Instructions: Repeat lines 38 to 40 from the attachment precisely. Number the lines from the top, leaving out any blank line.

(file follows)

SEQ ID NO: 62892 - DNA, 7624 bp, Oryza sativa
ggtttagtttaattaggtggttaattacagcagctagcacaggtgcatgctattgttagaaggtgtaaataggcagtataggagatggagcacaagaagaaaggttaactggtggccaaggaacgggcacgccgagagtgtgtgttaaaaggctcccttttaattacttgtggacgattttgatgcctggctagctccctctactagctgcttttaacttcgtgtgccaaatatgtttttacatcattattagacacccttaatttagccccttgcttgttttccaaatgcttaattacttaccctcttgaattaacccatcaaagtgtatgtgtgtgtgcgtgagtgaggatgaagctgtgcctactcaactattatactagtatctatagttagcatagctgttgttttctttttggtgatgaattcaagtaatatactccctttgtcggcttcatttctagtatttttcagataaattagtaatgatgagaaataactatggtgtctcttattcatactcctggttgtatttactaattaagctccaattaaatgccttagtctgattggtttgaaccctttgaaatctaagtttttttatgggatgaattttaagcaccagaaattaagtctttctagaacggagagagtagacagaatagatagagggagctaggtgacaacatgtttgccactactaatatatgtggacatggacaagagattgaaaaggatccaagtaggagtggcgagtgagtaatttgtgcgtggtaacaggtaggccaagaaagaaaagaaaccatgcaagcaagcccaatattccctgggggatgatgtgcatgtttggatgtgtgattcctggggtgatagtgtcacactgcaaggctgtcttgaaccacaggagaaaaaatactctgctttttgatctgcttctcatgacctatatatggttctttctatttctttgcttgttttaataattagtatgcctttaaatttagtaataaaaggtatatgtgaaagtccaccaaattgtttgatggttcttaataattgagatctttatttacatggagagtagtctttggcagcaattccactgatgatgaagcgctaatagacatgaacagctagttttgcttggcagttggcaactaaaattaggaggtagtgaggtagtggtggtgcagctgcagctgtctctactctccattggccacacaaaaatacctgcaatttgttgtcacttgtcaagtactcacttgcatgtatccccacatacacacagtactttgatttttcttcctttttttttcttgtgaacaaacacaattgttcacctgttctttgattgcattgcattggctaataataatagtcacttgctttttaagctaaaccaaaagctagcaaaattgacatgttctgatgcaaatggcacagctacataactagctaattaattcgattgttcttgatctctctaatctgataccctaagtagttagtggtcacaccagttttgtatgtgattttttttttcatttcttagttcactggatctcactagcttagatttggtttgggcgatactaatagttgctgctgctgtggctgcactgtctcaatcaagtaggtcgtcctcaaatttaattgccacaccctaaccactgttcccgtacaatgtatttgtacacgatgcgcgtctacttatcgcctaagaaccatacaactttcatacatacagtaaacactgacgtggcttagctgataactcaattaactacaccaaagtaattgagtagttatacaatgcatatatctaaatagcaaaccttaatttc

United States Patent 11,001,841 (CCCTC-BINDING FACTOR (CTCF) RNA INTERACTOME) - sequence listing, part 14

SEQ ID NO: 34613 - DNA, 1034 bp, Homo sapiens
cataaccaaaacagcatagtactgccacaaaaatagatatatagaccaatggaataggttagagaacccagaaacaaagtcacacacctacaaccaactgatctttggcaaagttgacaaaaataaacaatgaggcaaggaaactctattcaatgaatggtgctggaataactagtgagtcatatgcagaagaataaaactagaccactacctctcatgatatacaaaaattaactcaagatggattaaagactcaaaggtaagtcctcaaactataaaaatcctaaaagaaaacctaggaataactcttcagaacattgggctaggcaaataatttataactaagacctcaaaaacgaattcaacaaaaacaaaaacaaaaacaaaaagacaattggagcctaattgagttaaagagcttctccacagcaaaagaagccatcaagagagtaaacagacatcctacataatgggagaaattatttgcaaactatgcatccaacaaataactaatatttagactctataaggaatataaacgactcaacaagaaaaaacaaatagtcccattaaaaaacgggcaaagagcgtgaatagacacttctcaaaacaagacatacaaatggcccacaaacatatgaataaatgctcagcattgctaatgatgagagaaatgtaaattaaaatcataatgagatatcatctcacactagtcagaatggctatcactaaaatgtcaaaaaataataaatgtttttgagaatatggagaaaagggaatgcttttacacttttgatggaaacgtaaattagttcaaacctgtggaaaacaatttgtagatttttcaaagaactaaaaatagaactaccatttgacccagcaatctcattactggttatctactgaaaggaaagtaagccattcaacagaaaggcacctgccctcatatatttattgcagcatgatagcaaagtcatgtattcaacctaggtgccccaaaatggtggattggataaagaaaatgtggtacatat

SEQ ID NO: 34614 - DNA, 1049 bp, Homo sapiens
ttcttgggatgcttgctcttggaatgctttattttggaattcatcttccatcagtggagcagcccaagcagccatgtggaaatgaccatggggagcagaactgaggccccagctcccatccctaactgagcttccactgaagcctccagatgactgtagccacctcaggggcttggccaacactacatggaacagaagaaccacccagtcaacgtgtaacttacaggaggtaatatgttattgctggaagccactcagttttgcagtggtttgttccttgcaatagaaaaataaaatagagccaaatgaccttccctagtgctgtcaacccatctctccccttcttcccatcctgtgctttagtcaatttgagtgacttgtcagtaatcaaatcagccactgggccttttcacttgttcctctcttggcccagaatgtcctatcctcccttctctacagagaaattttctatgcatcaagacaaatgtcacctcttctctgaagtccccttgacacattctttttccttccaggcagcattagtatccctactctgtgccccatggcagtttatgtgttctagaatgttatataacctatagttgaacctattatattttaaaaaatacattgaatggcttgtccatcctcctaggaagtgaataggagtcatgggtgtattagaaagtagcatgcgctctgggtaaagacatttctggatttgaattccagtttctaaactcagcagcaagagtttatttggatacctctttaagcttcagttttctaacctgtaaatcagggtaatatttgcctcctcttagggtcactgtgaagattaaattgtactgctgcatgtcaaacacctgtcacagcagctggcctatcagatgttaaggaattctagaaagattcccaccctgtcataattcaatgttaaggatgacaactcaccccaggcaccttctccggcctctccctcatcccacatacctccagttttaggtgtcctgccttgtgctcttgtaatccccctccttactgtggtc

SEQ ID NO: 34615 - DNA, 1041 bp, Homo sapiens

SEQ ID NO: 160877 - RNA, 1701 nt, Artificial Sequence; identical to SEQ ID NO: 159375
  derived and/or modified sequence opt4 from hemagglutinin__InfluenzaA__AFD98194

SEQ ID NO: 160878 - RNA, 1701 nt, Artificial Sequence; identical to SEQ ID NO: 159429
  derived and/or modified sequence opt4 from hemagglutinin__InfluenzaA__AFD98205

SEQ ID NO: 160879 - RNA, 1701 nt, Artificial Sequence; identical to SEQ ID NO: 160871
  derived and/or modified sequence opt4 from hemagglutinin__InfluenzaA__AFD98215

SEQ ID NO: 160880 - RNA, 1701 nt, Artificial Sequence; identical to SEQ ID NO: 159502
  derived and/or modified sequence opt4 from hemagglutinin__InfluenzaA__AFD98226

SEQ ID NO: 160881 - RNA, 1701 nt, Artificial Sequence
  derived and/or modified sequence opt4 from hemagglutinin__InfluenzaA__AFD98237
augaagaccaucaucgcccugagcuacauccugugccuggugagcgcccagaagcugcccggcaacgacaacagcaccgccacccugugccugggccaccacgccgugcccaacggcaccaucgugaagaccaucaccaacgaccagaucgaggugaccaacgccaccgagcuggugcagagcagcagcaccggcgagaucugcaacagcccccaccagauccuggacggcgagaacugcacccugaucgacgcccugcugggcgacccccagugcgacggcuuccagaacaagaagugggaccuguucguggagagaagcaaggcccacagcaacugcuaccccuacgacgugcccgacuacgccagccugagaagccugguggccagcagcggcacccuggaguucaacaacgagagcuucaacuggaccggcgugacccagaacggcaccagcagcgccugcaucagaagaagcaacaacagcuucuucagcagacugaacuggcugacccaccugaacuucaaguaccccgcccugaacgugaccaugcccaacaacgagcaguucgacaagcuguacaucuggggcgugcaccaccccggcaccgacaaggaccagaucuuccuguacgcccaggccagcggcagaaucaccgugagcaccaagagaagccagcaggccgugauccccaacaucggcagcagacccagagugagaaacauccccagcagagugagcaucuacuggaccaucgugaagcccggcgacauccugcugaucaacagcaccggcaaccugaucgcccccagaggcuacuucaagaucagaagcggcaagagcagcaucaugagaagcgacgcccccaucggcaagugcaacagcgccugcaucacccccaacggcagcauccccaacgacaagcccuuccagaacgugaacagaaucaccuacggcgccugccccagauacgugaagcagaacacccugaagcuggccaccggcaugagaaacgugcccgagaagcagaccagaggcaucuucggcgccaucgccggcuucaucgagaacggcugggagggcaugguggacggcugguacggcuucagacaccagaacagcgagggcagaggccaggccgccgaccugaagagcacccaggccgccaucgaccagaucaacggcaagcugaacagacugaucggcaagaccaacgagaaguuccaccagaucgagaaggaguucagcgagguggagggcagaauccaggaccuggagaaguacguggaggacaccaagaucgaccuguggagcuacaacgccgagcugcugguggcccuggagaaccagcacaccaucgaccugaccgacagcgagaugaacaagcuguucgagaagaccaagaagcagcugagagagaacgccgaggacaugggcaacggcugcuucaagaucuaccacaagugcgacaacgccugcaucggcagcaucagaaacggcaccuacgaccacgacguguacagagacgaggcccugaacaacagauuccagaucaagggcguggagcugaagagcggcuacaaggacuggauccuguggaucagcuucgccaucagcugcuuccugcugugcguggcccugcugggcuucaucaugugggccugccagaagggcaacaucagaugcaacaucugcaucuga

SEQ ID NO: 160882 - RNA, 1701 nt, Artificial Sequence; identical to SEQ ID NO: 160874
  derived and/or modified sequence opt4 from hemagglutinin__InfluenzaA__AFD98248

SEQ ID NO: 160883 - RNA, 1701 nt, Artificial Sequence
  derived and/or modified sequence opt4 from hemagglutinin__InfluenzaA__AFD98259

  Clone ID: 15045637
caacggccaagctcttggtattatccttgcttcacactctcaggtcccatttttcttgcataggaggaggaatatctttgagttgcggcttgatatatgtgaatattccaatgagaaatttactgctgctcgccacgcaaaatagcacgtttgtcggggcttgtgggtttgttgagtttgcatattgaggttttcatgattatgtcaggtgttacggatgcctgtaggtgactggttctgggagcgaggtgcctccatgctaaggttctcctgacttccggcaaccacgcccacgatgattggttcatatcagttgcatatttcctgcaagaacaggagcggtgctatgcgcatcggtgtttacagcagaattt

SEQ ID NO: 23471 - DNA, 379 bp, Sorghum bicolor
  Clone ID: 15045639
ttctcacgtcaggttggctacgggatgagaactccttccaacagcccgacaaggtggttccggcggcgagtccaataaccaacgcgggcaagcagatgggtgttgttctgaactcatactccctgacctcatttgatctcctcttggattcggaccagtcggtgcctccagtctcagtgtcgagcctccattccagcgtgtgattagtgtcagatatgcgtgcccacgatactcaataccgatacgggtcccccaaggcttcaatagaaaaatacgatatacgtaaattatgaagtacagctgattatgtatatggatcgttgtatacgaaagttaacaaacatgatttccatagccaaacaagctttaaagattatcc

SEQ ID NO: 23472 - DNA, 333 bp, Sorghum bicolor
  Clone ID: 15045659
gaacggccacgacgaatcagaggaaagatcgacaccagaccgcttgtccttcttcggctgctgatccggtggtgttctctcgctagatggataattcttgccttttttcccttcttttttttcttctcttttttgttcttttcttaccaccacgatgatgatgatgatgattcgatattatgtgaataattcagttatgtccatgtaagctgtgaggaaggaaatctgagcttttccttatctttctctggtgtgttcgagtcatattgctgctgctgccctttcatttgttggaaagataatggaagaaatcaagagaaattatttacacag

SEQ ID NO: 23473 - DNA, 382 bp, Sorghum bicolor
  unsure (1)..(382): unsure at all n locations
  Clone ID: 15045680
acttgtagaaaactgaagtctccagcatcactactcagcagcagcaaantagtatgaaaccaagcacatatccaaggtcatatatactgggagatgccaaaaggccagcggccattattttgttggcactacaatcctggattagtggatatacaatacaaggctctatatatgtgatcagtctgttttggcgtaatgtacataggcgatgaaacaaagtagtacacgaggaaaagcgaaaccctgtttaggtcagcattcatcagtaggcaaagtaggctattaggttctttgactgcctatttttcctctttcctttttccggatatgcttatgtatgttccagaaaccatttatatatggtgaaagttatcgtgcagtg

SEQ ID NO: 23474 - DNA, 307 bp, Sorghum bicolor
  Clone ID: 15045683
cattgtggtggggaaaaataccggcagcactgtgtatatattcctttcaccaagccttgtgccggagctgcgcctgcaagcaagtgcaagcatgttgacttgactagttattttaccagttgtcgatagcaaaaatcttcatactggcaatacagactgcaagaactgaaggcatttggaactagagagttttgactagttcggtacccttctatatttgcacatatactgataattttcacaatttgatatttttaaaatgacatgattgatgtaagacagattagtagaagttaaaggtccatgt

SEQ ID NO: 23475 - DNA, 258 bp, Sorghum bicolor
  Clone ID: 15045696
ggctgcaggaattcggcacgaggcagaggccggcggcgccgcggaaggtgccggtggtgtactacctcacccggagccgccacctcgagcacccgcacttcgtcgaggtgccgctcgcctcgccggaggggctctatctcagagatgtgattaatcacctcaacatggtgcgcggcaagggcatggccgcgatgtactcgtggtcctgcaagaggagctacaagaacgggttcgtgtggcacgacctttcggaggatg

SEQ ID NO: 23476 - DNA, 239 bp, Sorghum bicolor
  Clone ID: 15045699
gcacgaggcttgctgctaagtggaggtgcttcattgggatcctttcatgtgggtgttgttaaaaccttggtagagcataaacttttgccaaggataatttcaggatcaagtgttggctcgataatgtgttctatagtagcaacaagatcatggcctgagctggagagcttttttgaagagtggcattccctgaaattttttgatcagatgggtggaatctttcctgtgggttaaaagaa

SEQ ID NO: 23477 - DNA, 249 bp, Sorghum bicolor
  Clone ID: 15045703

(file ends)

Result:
cattgtggtggggaaaaataccggcagcactgtgtatatattcctttcaccaagccttgtgccggagctgcgcctgcaagcaagtgcaagcatgttgacttgactagttattttaccagttgtcgatagcaaaaatcttcatactggcaatacagactgcaagaactgaaggcatttggaactagagagttttgactagttcggtacccttctatatttgcacatatactgataattttcacaatttgatatttttaaaatgacatgattgatgtaagacagattagtagaagttaaaggtccatgt

SEQ ID NO: 23475 - DNA, 258 bp, Sorghum bicolor
  Clone ID: 15045696